It is good to see you back in the Chair, Mr Mundell.
I appreciate the opportunity to address some of the points raised. My intention is not to disparage Members’ intentions, because I get it: people want to support our armed forces and do not want to disadvantage them. I do not want to disadvantage them. However, some things—the data is a good example—are being totally misused to promote these points. For example, on the statement that from 2014 to 2019 there were however many thousand claims, that number includes claims in the UK that people would bring under tort or civilian law against an employer. This Bill does not apply to that; it is called the Overseas Operations (Service Personnel and Veterans) Bill. In no way are those comparisons being made in a fair manner. This Bill applies only to those allegations and claims that affect our service personnel overseas.
I will get to my point. There were 552 employer liability claims from what happened in Iraq and Afghanistan. Today’s Daily Mirror had sounded familiar to a couple of the speeches: it mentioned “21,000 claims”. It is total nonsense. That is the total number of claims that people have made against the MOD in the period from 2004 to 2017. They are claims in a civilian workplace environment, where there are civil liabilities claims, claims regarding exercises and so on in the UK, and breach of contract claims. In the Bill, we are talking specifically about overseas operations. Whoever is providing these figures is demonstrating a pretty basic misunderstanding of what is going on—or it is a deliberate attempt to mislead, but I am sure it is not. The two things are not comparable in any way.
To me, that does not matter. Why should armed forces personnel be treated differently when something happens in this country, as opposed to overseas? It might not be in combat; it might be on a training mission, or something like that. As I said, if one veteran is disadvantaged, that is one veteran too many.
The figures have been published in the impact assessment a number of times. The hon. Lady can shake her head, but again, we are in a space of alternative facts. The figures are in the impact assessment, which is before the House.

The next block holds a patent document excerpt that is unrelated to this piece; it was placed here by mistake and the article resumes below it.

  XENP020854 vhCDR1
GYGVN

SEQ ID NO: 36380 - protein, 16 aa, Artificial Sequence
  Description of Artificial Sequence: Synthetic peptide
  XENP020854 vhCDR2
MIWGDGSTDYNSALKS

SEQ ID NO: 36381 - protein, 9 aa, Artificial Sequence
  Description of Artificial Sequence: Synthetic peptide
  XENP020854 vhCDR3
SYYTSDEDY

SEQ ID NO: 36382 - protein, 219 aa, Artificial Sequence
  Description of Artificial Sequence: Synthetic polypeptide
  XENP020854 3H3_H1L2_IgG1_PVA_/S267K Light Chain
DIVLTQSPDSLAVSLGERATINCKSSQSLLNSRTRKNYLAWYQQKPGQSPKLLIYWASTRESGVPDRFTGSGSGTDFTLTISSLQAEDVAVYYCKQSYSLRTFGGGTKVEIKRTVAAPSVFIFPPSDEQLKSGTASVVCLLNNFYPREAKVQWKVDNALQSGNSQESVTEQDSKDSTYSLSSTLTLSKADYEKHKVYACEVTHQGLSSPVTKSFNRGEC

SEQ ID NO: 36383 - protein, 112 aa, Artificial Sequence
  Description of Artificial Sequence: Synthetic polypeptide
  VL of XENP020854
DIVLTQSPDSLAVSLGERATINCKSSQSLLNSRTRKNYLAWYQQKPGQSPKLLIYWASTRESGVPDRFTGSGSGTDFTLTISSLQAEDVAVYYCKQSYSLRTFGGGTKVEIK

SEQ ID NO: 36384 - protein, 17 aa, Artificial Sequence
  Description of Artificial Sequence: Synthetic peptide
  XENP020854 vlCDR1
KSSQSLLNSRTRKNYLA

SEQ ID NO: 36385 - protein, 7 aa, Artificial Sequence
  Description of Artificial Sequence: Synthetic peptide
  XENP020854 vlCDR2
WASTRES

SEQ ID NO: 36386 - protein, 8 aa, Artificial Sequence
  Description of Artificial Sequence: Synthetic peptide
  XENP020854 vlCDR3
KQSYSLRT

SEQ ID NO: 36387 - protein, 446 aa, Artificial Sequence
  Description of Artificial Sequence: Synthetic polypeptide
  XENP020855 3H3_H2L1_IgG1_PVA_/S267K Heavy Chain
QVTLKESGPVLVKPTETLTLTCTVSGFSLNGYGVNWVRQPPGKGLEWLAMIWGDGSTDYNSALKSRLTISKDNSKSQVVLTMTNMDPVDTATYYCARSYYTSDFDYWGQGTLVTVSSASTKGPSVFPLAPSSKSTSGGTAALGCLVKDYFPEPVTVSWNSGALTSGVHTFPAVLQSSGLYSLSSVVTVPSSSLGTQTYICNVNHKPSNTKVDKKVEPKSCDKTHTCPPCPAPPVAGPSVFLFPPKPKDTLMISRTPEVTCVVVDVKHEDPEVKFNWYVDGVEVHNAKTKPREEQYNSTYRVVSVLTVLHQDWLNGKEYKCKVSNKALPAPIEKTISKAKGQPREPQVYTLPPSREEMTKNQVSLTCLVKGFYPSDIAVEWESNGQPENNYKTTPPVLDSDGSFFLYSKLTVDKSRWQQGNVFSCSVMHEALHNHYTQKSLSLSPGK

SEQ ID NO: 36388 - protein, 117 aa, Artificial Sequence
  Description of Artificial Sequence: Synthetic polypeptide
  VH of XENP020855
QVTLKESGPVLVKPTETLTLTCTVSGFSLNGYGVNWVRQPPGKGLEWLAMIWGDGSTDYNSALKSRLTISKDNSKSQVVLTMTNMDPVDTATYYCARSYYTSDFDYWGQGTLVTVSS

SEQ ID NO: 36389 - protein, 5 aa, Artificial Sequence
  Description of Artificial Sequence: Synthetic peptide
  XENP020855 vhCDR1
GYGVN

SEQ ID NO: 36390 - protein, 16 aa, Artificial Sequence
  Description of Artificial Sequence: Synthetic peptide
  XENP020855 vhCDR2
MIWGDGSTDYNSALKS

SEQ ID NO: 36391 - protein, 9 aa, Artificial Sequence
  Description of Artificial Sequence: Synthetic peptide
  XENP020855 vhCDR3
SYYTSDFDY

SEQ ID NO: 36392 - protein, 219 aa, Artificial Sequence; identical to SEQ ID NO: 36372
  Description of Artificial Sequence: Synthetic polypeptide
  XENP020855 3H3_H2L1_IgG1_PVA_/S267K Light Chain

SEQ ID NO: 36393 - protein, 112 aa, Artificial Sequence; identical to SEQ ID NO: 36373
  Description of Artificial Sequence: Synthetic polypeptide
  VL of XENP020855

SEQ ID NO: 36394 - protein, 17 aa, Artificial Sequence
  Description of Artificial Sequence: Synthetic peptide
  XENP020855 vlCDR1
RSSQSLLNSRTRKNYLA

The Minister is talking about overseas operations. We all understand that, and that the Bill applies to those serving overseas. However, if my employer sends me overseas, and I suffer an injury there due to the negligence of my employer here in the UK, I can sue the employer for the injury. The same should be the case for veterans. It is not about whether it is overseas or here; it is about having the same rights as civilian employees.
I disagree, and this is why. Operational service overseas is fundamentally different from life in the UK, and from what we ask our people to do. The hon. Lady is absolutely right: we have a duty in this country to protect those overseas, whether it is against improvised explosive devices, bombs, electronic warfare, or indeed legal systems used to bring warfare by another means. That is what this Bill is trying to do.
I understand the assertion that if someone from the Royal British Legion was deployed on an operation, the six-year limit comes down. Viewed on its own, that is something that will happen to serviceperson, but not a civilian. Disadvantage is a comparable term. Disadvantage to who? The Government argue—this I am clear on—that these people are seriously disadvantaged by having no legal protection against these thousands of claims that we have seen come in over the last 15 or 20 years. What the Royal British Legion would like us to do is to put that to one side—[Interruption.] No, it is, because I have engaged with it extensively. It would like us to apply that to one side of the argument, which, again, is not legal. Under European human rights law, people are being disadvantaged and discriminated against based on the claimant, which is not legal. This cannot be brought in on one side.
Because what the right hon. Gentleman says—I have a lot of respect for him—is simply not true. BATUS is not an operational environment. It is not a peacekeeping mission. It is a training unit mission. As I said this morning, and speaking from a point of knowledge, when it came out in the inquiry about the Snatch Land Rover cases, that is when the six-year thing started. That would not have been affected by this legislation.
We could keep raising these points, but I am not going to change my view, because it is based on the truth. I cannot suddenly say, “Yes, BATUS is a war-fighting operation, so this stuff applies.” I cannot say, “These people would be affected in the Snatch Land Rover case,” because that is simply not the case.
I will come back to the right hon. Gentleman in a minute. He talks about taking rights away from our service personnel. They have a right to be protected on the battlefield in all these areas. One area where they have a right to be protected is the use of lawfare to progress, and change the outcome of, a conflict through other means.
There were lots of wild sentiments thrown around—“lawyers don’t make things up,” and all the rest of it. Again, that does not collide with reality. Phil Shiner has been struck off. The reality—the world as we find it—is what this Bill is designed to deal with.